- Work? No I’ll just watch another 5 seasons of Grey’s Anatomy.
- What priorities?
- I have approximately 4,000 unanswered emails. If I ignore them they will probably go away.
- I wonder when the library will start to make me pay rent…
- I could just be a cat lady.
- Is there a job where I could just taste pizza all day? I’ll just do that.
- Marrying a millionaire would definitely solve a lot of my problems. Where do I get one?
- Can we just fast forward to the point where I actually have money and energy? And many puppies. And a huge mansion. And an Amazon Prime account.
- I’ll just do a Masters so I can avoid being a real adult.
- Actually no, I need to actually pass my degree first.
- Oh God.
- Haha. My parents are going to kill me.
Life tends to work out in weird and wonderful ways but likewise tends to make us distressed in many forms. Without all these worries how boring would life be, anyway? Use the time you have left to soak up every moment you have left, before you know it you’ll be stood by the fountain with that precious piece of paper in your hand, wondering how cruel life is for making the time of your life pass so fast. There can be many moments of despair but don’t worry – we’re all in this together! Now get started on that dissertation. Or not.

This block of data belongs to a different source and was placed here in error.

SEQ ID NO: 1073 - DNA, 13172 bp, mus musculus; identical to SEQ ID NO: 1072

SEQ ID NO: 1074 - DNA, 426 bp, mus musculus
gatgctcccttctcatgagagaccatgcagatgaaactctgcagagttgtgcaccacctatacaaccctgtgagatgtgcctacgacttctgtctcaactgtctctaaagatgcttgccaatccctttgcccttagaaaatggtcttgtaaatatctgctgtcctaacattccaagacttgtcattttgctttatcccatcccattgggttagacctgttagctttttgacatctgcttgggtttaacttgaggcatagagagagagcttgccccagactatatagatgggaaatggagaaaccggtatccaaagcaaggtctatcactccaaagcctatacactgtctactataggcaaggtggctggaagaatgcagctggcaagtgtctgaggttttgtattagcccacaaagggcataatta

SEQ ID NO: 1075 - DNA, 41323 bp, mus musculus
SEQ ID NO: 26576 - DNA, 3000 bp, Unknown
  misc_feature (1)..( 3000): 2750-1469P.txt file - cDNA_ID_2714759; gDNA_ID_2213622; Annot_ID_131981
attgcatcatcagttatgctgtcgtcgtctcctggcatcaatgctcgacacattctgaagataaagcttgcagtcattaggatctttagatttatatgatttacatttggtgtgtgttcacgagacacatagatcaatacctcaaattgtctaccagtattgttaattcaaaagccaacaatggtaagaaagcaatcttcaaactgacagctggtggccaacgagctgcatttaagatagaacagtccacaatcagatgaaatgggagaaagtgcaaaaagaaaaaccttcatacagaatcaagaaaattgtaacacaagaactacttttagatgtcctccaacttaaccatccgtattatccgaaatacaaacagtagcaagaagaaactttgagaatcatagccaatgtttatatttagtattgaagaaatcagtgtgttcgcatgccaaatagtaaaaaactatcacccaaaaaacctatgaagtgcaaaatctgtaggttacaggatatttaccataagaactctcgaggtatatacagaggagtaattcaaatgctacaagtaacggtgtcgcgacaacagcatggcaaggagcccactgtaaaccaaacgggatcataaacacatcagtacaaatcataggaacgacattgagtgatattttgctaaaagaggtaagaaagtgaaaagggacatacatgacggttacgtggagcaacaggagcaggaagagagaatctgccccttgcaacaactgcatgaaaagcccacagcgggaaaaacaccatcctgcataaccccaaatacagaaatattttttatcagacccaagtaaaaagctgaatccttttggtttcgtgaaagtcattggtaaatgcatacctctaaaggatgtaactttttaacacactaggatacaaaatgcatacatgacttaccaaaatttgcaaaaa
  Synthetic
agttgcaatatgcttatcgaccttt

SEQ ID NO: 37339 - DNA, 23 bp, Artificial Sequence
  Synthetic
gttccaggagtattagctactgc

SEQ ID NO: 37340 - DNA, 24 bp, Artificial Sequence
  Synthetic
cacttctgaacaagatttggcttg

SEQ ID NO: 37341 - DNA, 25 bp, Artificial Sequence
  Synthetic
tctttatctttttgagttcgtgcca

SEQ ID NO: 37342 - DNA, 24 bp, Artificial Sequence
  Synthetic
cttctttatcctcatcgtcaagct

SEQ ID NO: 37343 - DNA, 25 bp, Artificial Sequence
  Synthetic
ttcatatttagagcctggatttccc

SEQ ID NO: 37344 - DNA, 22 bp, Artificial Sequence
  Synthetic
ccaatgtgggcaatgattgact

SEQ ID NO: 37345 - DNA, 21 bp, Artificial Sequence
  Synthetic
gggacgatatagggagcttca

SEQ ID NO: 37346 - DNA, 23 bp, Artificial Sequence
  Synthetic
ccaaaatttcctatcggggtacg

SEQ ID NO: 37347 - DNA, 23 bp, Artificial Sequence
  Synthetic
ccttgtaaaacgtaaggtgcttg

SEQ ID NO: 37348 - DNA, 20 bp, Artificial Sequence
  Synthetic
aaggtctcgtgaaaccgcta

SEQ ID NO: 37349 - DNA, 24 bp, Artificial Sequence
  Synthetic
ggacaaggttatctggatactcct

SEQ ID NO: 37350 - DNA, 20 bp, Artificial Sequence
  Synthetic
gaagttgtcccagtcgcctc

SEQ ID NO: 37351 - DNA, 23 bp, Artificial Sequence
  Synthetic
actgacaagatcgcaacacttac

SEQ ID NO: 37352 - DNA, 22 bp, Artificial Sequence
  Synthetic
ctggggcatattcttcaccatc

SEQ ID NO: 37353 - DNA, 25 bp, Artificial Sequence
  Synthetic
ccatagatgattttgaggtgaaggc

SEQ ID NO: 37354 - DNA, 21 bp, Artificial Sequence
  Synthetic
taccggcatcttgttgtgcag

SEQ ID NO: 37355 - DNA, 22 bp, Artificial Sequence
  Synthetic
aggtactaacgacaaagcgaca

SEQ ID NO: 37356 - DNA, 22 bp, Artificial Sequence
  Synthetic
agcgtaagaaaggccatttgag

Make sure to keep up with Student Struggles, online every week! Tweet us with your own struggles @labelonline
Thin Wall Fever much like Cabin Fever can leave you irritated, annoyed and craving the comfort of a studio appartment for one. Having lived in both halls and a house in town it is safe to say the I have found the student homes of Loughborough to suffer from thin wall fever.
From living in halls with a rather ‘wild’ housemate who enjoyed attempting procreation living directly on top of me (there are some things a person never needs to hear) to living in a house with my room being next to one of the loudest snorers I have ever known; I have reached the conclusion that thin walls are just an occupational hazard of the student experience, at least until I am willing to fork out on a house with solid, sound proof walls.